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Carrburritos offers gallery of food in Davidson

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  • REVIEW

    Carrburritos

    * * 1/2

    Counter service meets cozy spot in Davidson.

    Food: * * 1/2

    Service: * * 1/2

    Atmosphere: * * 1/2

    445 S. Main St., Davidson; 704-237-3040; www.carrburritos.com/davidson.

    HITS: Tender, flavorful carnitas, and a warm welcome.

    MISSES: Service that’s a mite too leisurely, even when slow.

    PRICES: About $6-$9.

    HOURS: 11 a.m.-9:30 p.m. Monday-Thursday; to 10 Friday-Saturday.

    INSPECTION SCORE: 98, Jan. 18.

    * * * * = excellent; * * * = good;* * = fair;* = poor



Counter service – but cozy.

A multitude of choices – but a simple few ways to use them.

Carrburritos is an interesting mix: Sort of Moe’s, sort of the old La Paz (for folks who remember its previous incarnations), this blends a fast-food ordering system with a nicely lit casual dining area done in Southwestern colors. Gold walls, deep purple window hangings and bright flowered plastic tablecloths enliven the dining area, while a dramatically ominous poster titled (in Spanish) “Alcohol: Here is the enemy” is posted in the bar/lounge area, right across from the blackboard listing all the margaritas.

(Those range from the Davidson “RED” Cactus of tequila, Triple Sec, housemade sour mix and cran-raspberry juice, to something called a Malibu Red Grapefruit, employing a “coconut rum flavored tequila.”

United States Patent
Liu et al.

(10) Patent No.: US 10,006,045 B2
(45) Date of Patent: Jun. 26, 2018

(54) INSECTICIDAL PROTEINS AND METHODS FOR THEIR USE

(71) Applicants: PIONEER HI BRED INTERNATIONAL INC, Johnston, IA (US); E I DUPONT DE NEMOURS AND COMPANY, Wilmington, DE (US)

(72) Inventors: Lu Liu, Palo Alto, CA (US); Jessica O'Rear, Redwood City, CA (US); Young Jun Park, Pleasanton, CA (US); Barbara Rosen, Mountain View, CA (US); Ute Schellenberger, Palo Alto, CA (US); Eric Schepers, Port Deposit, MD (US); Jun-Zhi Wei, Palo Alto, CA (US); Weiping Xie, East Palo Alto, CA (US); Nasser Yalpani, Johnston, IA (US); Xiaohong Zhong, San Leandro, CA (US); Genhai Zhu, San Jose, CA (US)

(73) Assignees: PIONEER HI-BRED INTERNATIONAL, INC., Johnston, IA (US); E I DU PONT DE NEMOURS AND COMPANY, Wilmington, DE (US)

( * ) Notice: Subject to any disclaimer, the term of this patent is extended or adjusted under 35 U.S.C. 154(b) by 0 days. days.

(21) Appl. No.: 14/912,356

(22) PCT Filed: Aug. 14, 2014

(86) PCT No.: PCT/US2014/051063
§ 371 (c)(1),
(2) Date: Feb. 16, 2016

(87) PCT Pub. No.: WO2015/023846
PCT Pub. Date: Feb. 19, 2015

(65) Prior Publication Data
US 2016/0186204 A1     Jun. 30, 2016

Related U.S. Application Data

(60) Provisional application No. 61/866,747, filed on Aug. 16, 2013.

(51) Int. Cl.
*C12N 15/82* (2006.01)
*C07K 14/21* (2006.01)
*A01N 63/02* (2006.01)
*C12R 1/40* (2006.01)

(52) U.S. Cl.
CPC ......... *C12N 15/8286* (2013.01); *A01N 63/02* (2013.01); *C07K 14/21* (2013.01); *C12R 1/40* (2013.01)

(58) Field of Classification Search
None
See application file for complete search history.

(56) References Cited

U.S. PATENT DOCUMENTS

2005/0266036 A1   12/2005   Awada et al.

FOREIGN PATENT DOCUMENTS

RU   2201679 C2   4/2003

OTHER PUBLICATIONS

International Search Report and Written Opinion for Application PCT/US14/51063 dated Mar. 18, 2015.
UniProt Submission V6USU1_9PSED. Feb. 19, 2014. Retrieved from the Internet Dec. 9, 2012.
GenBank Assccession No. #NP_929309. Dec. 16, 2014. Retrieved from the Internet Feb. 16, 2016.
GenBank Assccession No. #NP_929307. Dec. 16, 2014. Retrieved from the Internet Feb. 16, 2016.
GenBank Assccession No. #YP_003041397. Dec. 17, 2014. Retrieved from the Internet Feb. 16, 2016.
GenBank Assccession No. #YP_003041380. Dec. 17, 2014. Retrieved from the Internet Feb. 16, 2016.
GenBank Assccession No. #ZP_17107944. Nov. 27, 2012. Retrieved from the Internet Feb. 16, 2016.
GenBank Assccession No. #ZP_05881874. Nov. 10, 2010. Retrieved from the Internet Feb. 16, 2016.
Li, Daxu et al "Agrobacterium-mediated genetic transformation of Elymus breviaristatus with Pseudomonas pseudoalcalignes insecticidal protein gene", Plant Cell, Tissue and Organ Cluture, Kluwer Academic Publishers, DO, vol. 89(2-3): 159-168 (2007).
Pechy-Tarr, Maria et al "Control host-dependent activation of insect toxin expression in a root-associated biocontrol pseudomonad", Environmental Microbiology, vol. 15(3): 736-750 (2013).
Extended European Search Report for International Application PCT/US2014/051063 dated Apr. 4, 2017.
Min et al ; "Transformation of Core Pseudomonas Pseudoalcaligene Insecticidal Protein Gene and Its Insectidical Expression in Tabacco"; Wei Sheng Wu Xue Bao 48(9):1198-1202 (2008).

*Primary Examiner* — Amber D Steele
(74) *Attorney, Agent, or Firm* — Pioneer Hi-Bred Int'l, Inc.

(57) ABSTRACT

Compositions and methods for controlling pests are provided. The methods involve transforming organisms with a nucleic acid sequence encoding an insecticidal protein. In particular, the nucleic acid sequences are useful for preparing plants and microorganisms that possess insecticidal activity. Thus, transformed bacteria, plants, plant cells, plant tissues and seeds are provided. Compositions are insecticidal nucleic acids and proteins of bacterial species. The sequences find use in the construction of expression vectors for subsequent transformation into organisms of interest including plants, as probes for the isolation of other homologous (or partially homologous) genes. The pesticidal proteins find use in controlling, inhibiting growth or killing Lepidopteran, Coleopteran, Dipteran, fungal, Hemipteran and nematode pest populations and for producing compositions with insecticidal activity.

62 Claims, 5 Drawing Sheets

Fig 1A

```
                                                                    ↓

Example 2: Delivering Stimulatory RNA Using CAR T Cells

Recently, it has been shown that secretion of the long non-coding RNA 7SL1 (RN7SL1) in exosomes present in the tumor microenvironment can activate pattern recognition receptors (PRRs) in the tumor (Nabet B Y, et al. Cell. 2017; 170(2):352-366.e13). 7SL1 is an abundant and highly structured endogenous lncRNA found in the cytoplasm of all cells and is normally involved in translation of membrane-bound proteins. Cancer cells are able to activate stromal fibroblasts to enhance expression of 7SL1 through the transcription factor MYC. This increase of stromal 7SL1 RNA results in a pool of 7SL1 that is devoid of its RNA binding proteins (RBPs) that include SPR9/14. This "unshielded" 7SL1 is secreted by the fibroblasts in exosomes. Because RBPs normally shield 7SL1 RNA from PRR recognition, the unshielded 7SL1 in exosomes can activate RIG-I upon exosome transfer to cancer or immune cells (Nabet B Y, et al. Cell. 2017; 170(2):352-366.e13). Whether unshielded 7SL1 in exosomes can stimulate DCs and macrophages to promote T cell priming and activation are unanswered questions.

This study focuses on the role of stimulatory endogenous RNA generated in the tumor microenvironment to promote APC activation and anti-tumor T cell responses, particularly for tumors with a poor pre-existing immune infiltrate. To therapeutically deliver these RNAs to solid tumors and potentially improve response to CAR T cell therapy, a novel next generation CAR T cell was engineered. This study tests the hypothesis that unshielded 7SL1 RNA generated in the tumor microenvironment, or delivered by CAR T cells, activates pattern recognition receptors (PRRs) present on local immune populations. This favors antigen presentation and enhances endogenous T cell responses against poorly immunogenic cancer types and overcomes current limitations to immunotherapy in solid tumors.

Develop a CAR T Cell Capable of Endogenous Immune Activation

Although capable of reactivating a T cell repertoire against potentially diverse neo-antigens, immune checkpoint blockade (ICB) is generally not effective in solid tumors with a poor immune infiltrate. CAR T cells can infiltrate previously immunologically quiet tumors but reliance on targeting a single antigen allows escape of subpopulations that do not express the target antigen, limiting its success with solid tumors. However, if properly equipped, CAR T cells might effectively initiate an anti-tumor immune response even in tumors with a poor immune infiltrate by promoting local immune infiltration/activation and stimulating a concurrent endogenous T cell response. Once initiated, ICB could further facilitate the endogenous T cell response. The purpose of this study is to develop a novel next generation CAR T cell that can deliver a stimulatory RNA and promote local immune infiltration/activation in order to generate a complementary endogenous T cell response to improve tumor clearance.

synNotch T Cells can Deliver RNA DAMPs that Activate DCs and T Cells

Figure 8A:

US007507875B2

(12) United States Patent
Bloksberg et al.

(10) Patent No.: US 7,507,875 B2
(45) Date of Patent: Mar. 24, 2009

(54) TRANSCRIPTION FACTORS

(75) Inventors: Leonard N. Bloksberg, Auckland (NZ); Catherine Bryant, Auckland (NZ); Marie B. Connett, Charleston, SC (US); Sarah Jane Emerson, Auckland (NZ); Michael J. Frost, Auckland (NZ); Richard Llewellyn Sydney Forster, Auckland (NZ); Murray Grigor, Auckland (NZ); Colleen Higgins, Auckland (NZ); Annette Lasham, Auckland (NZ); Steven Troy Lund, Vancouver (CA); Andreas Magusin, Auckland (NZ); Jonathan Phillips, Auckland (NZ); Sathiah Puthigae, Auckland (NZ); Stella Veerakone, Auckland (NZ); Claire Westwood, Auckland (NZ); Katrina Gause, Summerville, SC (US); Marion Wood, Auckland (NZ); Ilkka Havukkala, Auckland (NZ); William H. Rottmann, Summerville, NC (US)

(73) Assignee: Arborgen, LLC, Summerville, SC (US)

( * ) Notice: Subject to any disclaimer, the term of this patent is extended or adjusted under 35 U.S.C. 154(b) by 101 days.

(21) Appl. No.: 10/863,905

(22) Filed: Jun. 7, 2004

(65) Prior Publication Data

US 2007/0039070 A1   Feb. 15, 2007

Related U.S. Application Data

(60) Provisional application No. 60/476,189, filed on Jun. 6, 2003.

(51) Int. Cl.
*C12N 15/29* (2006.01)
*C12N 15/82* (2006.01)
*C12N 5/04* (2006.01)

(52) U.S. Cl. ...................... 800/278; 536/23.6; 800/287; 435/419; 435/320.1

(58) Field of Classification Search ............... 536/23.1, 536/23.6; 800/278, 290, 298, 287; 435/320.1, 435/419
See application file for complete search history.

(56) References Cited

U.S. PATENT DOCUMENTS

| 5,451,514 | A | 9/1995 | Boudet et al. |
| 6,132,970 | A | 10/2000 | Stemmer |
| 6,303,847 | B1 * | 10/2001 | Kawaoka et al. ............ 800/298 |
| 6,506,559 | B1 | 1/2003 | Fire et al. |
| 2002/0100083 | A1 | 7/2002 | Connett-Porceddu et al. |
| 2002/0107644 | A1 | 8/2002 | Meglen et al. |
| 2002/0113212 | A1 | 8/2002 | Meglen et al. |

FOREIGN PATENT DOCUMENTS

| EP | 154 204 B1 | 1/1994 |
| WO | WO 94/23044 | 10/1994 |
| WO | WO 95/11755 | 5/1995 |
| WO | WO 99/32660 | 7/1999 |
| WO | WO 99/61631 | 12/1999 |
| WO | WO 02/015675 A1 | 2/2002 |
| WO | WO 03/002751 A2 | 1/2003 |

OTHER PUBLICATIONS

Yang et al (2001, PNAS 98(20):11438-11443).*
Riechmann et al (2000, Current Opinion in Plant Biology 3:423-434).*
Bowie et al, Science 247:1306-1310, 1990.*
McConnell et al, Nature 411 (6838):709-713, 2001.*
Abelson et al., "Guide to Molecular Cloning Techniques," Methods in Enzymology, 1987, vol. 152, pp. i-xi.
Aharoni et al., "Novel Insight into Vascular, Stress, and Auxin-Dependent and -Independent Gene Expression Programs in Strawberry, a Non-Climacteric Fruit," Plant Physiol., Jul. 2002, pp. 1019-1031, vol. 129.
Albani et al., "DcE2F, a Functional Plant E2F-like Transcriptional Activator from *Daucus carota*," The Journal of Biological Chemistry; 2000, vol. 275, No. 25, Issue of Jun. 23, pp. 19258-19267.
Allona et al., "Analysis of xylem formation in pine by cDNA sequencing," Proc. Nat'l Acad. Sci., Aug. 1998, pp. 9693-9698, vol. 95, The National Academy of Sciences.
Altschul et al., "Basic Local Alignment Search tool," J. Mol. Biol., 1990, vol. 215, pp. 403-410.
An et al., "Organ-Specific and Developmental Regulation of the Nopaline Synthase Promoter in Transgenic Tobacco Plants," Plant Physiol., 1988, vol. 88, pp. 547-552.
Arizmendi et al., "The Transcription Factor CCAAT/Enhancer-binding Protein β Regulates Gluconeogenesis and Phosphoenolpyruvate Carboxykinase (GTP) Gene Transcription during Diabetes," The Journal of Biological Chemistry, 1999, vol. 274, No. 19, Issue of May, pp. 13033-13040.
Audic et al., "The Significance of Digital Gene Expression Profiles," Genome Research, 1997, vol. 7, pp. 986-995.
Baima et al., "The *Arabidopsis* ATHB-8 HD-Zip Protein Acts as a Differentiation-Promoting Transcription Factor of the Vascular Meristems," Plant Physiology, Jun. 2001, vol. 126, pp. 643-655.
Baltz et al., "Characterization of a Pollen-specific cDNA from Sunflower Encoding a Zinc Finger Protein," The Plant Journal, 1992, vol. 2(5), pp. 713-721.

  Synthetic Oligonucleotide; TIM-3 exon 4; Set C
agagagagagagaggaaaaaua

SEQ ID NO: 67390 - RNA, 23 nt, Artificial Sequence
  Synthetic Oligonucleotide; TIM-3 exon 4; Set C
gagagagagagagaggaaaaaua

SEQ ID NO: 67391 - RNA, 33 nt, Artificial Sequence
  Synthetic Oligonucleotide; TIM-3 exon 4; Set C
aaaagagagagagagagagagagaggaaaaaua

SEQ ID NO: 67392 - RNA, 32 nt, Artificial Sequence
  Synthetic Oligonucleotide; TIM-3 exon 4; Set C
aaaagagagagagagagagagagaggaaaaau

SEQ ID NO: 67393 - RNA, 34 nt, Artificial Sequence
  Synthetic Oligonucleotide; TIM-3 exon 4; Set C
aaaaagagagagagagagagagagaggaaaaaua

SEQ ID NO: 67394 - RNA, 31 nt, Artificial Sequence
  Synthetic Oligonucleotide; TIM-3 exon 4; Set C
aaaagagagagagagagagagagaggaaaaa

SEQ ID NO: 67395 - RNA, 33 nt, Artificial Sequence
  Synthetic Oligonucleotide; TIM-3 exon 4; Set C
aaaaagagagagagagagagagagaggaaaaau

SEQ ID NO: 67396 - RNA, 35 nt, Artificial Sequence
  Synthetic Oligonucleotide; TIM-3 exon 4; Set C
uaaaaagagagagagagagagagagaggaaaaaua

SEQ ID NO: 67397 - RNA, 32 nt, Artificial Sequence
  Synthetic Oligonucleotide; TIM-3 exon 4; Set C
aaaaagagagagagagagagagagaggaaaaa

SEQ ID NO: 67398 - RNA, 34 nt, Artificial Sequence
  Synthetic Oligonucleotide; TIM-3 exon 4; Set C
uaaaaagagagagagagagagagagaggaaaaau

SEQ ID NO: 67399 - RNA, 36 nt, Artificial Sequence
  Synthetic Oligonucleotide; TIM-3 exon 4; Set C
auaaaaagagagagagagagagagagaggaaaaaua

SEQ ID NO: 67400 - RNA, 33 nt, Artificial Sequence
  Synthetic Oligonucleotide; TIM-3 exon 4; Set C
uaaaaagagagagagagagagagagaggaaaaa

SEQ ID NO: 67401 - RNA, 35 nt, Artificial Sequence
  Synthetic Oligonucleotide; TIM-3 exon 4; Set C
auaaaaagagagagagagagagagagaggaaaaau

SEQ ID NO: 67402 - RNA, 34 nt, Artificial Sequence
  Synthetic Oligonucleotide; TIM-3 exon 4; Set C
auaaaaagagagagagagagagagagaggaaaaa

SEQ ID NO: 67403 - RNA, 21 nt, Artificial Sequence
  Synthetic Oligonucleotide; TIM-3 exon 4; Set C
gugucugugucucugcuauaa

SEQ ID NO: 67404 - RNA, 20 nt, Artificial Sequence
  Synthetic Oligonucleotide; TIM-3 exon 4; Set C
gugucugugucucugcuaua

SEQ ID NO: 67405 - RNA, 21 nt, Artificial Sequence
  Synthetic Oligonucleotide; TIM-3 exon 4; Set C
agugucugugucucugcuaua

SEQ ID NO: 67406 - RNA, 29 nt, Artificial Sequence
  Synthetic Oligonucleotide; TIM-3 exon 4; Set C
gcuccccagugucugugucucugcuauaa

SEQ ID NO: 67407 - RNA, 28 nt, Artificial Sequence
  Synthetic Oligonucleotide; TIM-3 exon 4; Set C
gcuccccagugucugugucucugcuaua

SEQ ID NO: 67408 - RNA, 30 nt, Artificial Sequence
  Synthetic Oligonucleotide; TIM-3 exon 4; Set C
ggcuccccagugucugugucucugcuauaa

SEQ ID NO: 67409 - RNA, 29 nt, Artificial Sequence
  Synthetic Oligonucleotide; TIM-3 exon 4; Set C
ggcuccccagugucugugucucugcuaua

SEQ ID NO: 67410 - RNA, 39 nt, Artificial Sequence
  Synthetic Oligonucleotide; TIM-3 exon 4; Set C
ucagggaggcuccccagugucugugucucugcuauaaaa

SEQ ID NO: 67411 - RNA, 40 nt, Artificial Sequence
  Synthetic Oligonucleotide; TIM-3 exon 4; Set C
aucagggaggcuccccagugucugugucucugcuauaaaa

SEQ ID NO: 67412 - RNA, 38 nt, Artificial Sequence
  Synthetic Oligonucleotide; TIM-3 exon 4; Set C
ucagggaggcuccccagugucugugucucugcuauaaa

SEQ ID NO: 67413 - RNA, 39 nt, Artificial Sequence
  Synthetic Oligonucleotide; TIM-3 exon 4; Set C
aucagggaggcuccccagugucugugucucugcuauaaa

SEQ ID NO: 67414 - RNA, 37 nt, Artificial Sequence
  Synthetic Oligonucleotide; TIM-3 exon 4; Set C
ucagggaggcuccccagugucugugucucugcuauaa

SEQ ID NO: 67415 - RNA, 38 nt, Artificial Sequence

Carrburritos originated in Carrboro (get it?) and operated for more than a decade before spawning this, in what had been a chunk of the Wooden Stone Gallery in downtown Davidson. This location is owned by the original’s owners, Gail and Bill Fairbanks, with longtime Davidson residents Doug and Edie Surratt (who co-founded Davidson’s farmers market). The women are sisters.

Here, the menu adds a few more family-friendly items to match its wider customer range, and the new Baja shrimp has proven quickly popular. That joins tilapia, beef, pork, chicken, local sweet potatoes made into a mash with caramelized onions, and roasted vegetables as main fillings – plus a housemade chorizo (they get the ground pork, then season it themselves). Doug Surratt recommends putting chorizo and sweet potato together in, say, a burrito, and he’s right: It’s a terrific combination.

In addition to burritos, you can get tacos (made with corn or flour tortillas or crispy corn shells), tostadas or quesadillas. You pick and choose among the usual accompaniments, from guacamole and sour cream to black or pinto beans. Half a dozen salsas are available, too – pineapple and cilantro is popular, but there are also a smoky chipotle and a kick-heavy habanero.

Appetizers range from salsa or guac and chips to ceviche made with tilapia – a mite underseasoned for me, with hard-to-manage big chunks of fish, but a nice texture.

Service can be a little more leisurely than you’d like, and dishes don’t arrive uniformly hot, which you’d really want from a quick-service-to-table spot, but servers bring a familiar warmth and welcoming vibe. It’s a nice addition.

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